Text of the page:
Newborn babies are often going without “vital checks” by a doctor in Scotland because of the coronavirus crisis, it has emerged.
GPs are not always carrying out physical examinations of babies when they are aged between six and eight weeks old, and some follow-up hearing tests are being delayed.
The Scottish Government announced last month that cancer screening programmes would be “paused” as the NHS deals with the public health emergency caused by the pandemic, but it said pregnancy and newborn screening would continue where logistically practical, including tests in pregnancy and just after birth.
A GP normally examines a baby’s eyes, heart, hips and testicles, for boys, at six weeks, as well as their weight, length and head circumference.
But we have learned that parents are being told that these checks are not being done by GPs in parts of the country, including areas of Grampian and Lothian, with health visitors instead carrying out some of the assessments.
It is understood there are differing policies even within health board areas, with local teams “developing their own solutions”.
Ministers should step in to ensure these tests start up again as they promised.”
Scottish Conservative shadow health secretary Miles Briggs called on ministers to intervene.
“We know that many non-essential workings of the NHS have been put on pause while we get to grips with this crisis,” he said.
“But the Scottish Government suggested that the checking of babies at milestone ages would continue, and that doesn’t now seem to be the case.
“These are vital checks which can detect problems early and put parents’ minds at ease during what’s already an anxious time.
“SNP ministers should step in to ensure these tests start up again as they promised.”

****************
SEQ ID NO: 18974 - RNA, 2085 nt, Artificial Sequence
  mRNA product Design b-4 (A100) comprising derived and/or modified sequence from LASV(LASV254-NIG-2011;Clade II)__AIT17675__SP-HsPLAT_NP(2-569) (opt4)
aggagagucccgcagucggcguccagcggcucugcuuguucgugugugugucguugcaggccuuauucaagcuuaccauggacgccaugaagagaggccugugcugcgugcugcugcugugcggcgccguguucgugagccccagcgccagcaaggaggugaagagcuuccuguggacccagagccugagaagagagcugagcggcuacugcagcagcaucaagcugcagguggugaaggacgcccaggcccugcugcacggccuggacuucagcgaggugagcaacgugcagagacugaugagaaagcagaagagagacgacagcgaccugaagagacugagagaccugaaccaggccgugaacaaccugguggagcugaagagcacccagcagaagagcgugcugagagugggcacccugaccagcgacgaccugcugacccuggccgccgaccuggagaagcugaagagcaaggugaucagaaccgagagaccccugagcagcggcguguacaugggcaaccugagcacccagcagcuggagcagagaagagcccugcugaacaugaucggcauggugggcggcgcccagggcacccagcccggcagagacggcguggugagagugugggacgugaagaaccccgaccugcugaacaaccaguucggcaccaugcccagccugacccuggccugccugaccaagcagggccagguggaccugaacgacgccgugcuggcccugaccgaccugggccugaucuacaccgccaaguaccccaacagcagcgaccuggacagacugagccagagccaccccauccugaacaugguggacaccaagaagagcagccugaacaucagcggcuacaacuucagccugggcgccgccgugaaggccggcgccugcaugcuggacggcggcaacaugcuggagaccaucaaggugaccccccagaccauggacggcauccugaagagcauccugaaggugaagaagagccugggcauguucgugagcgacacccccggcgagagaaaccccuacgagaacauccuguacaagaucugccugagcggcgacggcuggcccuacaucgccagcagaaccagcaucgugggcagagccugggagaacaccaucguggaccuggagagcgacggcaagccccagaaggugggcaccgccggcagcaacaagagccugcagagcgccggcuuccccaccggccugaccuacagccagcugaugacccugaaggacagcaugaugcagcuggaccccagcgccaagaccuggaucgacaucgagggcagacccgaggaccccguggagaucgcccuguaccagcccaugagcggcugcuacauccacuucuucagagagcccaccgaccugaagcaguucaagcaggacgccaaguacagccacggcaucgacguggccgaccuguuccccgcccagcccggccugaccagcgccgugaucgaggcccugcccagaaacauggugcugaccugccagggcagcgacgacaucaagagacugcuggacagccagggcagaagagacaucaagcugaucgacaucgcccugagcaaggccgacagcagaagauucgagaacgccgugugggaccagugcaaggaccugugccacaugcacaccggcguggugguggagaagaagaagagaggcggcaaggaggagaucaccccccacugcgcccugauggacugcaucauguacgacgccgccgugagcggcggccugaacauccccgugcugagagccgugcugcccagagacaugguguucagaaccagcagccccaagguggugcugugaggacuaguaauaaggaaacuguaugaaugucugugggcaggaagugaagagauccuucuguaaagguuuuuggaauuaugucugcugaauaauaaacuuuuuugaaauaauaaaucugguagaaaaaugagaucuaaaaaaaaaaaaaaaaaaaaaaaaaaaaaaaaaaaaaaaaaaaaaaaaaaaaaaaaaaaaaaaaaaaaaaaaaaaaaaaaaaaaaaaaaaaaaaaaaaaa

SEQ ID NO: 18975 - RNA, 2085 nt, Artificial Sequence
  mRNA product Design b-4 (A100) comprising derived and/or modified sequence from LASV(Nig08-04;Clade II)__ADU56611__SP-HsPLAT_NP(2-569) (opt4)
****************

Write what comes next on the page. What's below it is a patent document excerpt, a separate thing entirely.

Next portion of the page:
The Scottish Government said it has been clear that “essential maternity services and follow-up for children should continue” during the pandemic.
Dr Andrew Buist, chairman of BMA Scotland’s GP committee, said parents should ask doctors for such appointments.
“The six-week check for babies is important, and to do this we require a physical examination, so we would strongly encourage parents to phone their GP to arrange for this check,” he said.
“GPs are open for patients and we want to encourage those who need to access a GP to still contact us.
“Covid-19 is in the headlines, but patient health is important and we don’t want anyone putting aside their own health through fear they’re overloading the service.
“We all need to work together to ensure that we minimise any unintended negative outcomes from Covid-19, such as longer-term health issues for people who could have benefited from coming to a doctor sooner.”
Midwife and health visitor appointments during pregnancy and after birth are often being carried out over the phone or online.
NHS Grampian said feedback from parents about video or telephone appointments had been generally positive, with many welcoming the opportunity to speak to someone in a way that keeps them all safe.
Meanwhile, antenatal classes have been cancelled, birth partners are unable to attend ultrasound checks during pregnancy, and their access to hospitals after birth has been limited, due to the “exceptional circumstances” created by the coronavirus lockdown.
A Scottish Government spokesperson said: “We have been clear that essential maternity services and follow up for children should continue during the Covid-19 pandemic to ensure pregnant women and families receive high quality care that meets their needs.
“We have issued guidance for NHS boards to support planning as they adapt care and services in light of the pandemic impact in their area, and to ensure compliance with shielding and social distancing measures to protect the public and staff.”